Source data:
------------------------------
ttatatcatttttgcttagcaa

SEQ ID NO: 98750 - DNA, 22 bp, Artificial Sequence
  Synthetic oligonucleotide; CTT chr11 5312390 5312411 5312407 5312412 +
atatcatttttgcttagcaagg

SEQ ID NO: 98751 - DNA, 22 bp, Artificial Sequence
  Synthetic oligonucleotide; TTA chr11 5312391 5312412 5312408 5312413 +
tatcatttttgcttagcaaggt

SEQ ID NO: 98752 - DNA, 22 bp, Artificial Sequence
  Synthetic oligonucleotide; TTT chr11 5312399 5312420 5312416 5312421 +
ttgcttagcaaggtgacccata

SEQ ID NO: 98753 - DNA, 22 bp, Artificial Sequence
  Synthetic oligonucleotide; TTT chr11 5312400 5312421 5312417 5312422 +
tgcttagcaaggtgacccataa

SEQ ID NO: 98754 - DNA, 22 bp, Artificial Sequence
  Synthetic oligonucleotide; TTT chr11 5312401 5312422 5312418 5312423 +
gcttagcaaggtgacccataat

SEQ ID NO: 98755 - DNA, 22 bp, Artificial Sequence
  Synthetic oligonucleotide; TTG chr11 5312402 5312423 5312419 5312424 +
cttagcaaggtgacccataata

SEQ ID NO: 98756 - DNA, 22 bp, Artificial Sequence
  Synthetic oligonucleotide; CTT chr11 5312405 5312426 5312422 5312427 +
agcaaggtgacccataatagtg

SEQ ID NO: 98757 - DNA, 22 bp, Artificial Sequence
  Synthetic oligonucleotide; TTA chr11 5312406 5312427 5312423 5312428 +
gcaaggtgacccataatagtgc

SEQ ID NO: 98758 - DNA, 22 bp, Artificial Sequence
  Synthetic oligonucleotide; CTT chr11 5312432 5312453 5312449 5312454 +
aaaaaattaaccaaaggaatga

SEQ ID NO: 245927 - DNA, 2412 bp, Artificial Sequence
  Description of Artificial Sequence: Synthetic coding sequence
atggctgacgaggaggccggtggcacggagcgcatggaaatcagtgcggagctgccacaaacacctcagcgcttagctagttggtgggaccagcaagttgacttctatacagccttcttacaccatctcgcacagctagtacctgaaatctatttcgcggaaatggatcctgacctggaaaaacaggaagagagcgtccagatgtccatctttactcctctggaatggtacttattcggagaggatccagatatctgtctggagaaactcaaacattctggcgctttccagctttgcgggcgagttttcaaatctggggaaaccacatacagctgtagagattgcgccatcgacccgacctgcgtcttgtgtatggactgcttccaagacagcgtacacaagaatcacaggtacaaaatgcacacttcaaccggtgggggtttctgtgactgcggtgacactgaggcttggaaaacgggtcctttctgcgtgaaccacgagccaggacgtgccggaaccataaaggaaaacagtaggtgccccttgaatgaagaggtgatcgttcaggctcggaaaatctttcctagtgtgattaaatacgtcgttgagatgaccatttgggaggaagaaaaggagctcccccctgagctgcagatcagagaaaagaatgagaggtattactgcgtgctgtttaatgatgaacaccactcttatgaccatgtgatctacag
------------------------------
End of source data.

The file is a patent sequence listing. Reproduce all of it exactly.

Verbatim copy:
ttatatcatttttgcttagcaa

SEQ ID NO: 98750 - DNA, 22 bp, Artificial Sequence
  Synthetic oligonucleotide; CTT chr11 5312390 5312411 5312407 5312412 +
atatcatttttgcttagcaagg

SEQ ID NO: 98751 - DNA, 22 bp, Artificial Sequence
  Synthetic oligonucleotide; TTA chr11 5312391 5312412 5312408 5312413 +
tatcatttttgcttagcaaggt

SEQ ID NO: 98752 - DNA, 22 bp, Artificial Sequence
  Synthetic oligonucleotide; TTT chr11 5312399 5312420 5312416 5312421 +
ttgcttagcaaggtgacccata

SEQ ID NO: 98753 - DNA, 22 bp, Artificial Sequence
  Synthetic oligonucleotide; TTT chr11 5312400 5312421 5312417 5312422 +
tgcttagcaaggtgacccataa

SEQ ID NO: 98754 - DNA, 22 bp, Artificial Sequence
  Synthetic oligonucleotide; TTT chr11 5312401 5312422 5312418 5312423 +
gcttagcaaggtgacccataat

SEQ ID NO: 98755 - DNA, 22 bp, Artificial Sequence
  Synthetic oligonucleotide; TTG chr11 5312402 5312423 5312419 5312424 +
cttagcaaggtgacccataata

SEQ ID NO: 98756 - DNA, 22 bp, Artificial Sequence
  Synthetic oligonucleotide; CTT chr11 5312405 5312426 5312422 5312427 +
agcaaggtgacccataatagtg

SEQ ID NO: 98757 - DNA, 22 bp, Artificial Sequence
  Synthetic oligonucleotide; TTA chr11 5312406 5312427 5312423 5312428 +
gcaaggtgacccataatagtgc

SEQ ID NO: 98758 - DNA, 22 bp, Artificial Sequence
  Synthetic oligonucleotide; CTT chr11 5312432 5312453 5312449 5312454 +
aaaaaattaaccaaaggaatga

SEQ ID NO: 245927 - DNA, 2412 bp, Artificial Sequence
  Description of Artificial Sequence: Synthetic coding sequence
atggctgacgaggaggccggtggcacggagcgcatggaaatcagtgcggagctgccacaaacacctcagcgcttagctagttggtgggaccagcaagttgacttctatacagccttcttacaccatctcgcacagctagtacctgaaatctatttcgcggaaatggatcctgacctggaaaaacaggaagagagcgtccagatgtccatctttactcctctggaatggtacttattcggagaggatccagatatctgtctggagaaactcaaacattctggcgctttccagctttgcgggcgagttttcaaatctggggaaaccacatacagctgtagagattgcgccatcgacccgacctgcgtcttgtgtatggactgcttccaagacagcgtacacaagaatcacaggtacaaaatgcacacttcaaccggtgggggtttctgtgactgcggtgacactgaggcttggaaaacgggtcctttctgcgtgaaccacgagccaggacgtgccggaaccataaaggaaaacagtaggtgccccttgaatgaagaggtgatcgttcaggctcggaaaatctttcctagtgtgattaaatacgtcgttgagatgaccatttgggaggaagaaaaggagctcccccctgagctgcagatcagagaaaagaatgagaggtattactgcgtgctgtttaatgatgaacaccactcttatgaccatgtgatctacag